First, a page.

Top Ten Antagonists In Book and Film (Plus: Book Giveaway announcement)

Quick giveaway announcement before we get to the Top Ten list: Starting today, you can enter into a raffle to win one of two of my novels: The War for Yokendale or Mordecai – Episode One: Bloodthirsty. To enter, just give this post a like and comment with which of the two books you’d like to win. Winners will be chosen the second week of November, and if you want to throw your name in the hat more than once, head over to one of my social media pages and give the announcement video a comment as well (social links available on my contact page). Also, shout out to RooReads for doing a wonderful review of Mordecai, which she won from my last giveaway raffle. Give that a read, too; the link will be at the bottom of the page.

 


 

Starting this month, I’ll be doing monthly Top Tens! Since it’s October, the month of tricks and treats, what better to start out with than a top ten antagonist list. Here are my top picks, in both book and film, and in no particular order. And fair warning, there might be some spoilers ahead:

 

1. Professor Moriarty, Sherlock Holmes: The Final Problem

Any top ten antagonist list would be remiss if the Professor Moriarty was excluded. While in his initial appearance in the Sherlock Holmes canon he wasn’t, in Sir Arthur Conan Doyle’s mind, an archenemy, that’s what he became in the eyes of the readers. I mean, he had a major hand in the death of Sherlock Holmes! However, in reference to Holmes, death is a term used lightly.

 

2. Darth Vader, Star Wars

Credits: StarWars.com

Duh. Darth Vader is a keynote villain, and not just in the original Star Wars trilogy (Episodes 3-6). I mostly want to ignore the prequels, but one has to admit that, beneath all of the strange story and creative decision, there’s an extremely dark origin for a villain crippled with regret–and by lava. Darth Vader continues even today to be plot twist goals, and his recent appearance in Rogue One: A Star Wars Story only furthers the depth of how powerful and frightening Vader is as an adversary.

 

3. Prejudice, To Kill A Mockingbird

Most who read To Kill A Mockingbird would pick Bob Ewell out as the antagonist, because Bob is falsely accusing an African American man of raping his daughter. But I think Harper Lee was leaning on a much bigger villain: prejudice. To Kill A Mockingbird is first and foremost a great story, but it’s also an incredible narrative on the cost of assumptions and prejudice that, looking at our world then and now, seems to be a timeless and unmeasurably important topic. The price of prejudice, hate, rape culture, and violence are all put on trial in Harper Lee’s masterpiece.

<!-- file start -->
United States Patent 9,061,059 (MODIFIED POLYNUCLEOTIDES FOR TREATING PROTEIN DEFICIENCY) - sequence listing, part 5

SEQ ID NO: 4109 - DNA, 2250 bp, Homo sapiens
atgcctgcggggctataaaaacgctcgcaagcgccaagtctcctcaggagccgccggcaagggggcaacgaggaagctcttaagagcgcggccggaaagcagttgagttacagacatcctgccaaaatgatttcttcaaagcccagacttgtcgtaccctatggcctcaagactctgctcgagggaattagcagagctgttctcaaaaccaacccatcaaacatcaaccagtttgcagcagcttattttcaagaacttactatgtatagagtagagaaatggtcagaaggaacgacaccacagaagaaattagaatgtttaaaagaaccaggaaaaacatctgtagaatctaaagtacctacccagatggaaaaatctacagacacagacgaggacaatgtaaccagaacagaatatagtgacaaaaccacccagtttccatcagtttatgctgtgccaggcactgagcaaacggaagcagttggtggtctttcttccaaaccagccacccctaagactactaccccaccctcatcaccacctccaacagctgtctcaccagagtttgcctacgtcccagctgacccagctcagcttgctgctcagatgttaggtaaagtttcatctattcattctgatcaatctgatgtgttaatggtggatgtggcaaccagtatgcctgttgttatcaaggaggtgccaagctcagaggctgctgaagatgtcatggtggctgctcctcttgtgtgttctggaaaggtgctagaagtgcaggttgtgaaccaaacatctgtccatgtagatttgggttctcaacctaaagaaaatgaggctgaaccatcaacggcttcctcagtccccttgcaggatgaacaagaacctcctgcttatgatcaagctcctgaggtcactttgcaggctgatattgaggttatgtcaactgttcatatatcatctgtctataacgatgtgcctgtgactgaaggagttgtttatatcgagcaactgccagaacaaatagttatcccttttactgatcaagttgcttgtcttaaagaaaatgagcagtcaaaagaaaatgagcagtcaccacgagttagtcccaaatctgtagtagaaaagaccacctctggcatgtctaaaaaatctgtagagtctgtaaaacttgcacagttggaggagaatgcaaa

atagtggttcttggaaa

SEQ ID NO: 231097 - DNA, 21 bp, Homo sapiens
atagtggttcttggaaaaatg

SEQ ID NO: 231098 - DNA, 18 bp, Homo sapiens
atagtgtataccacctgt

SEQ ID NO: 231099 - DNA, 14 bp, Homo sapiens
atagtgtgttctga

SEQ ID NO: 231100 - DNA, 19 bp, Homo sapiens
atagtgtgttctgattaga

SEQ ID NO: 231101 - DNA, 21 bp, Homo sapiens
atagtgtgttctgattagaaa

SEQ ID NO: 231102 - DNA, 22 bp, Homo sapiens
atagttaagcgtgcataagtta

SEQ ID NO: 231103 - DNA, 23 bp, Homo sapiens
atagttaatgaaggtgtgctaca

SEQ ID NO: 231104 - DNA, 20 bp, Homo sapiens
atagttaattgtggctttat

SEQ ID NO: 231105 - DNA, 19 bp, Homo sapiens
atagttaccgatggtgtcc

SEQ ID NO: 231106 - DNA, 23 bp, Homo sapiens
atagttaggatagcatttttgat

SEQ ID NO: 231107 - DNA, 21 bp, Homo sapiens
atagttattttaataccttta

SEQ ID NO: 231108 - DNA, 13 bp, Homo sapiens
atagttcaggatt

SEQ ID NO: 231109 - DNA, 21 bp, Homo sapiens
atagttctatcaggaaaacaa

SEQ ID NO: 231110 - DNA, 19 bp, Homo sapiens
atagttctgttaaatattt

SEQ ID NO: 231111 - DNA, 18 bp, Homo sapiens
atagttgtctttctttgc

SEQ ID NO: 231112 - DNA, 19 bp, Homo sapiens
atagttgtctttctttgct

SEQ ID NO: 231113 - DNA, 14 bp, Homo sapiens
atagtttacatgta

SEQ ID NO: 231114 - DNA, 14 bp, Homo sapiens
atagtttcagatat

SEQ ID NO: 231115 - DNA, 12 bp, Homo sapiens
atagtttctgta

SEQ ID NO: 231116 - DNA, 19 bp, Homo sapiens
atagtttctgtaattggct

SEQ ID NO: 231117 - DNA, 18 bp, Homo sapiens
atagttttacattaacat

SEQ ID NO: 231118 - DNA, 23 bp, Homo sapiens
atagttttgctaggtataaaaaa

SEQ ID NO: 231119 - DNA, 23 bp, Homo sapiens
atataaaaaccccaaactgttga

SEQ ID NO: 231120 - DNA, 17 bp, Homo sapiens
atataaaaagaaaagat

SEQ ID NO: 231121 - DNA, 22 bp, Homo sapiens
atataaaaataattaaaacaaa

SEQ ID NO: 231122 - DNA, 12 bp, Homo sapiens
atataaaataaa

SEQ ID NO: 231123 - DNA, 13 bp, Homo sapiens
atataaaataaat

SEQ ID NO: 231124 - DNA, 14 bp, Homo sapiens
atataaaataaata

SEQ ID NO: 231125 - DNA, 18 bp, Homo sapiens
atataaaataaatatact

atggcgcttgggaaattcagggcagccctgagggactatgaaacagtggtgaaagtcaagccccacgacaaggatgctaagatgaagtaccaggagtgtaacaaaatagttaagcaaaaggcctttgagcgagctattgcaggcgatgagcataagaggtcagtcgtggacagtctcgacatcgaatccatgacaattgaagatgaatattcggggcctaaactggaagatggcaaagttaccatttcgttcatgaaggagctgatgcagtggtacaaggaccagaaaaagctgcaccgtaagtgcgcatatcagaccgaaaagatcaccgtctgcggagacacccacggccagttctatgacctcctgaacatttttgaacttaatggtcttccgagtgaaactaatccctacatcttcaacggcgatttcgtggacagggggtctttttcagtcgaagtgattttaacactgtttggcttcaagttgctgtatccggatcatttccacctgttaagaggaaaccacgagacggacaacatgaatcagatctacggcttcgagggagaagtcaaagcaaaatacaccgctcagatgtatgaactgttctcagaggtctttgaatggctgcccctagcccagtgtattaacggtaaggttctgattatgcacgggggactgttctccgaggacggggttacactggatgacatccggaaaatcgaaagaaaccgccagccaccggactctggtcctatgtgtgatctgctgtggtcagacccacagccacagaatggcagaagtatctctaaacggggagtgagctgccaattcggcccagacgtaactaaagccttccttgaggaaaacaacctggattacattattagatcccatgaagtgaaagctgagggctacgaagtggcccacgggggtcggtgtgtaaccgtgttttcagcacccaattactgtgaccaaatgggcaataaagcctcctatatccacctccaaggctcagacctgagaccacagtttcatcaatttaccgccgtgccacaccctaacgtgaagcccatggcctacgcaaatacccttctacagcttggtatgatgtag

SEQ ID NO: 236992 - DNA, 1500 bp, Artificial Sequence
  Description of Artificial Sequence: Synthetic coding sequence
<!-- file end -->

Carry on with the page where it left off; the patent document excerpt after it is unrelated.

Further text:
4. Ego the Living Planet, Guardians of the Galaxy Vol. 2

James Gunn was an indie director until he stepped into the iron boots over at Marvel and flew tail a’waggin’ into the Guardians of the Galaxy franchise. The first film was spectacular, but fell prey to the commonly known Marvel villain problem. The sequel had no such issue as it introduced the most devastating villain twist since Darth Vader himself. Ego the Living Planet was far and away the highlight of the Guardians’ second outing, and made us laugh and cry before we hated everything about everything to do with him (but, you know, in a good way). Props to Marvel and Gunn for making me cry…again.

 

5. President Snow, The Hunger Games

Credits: theodysseyonline.com

The Hunger Games trilogy is a great series for a lot of reasons, and one of them is President Snow. Like most influential authors, Suzanne Collins knew how to intertwine harsh political commentary into a great and usually riveting story. President Snow was at the heart of this commentary, showing us how deep into the dark places a government can sink to maintain power over its people, bleeding from the mouth while seducing us with flowers.

 

6. Heath Ledger’s The Joker, The Dark Knight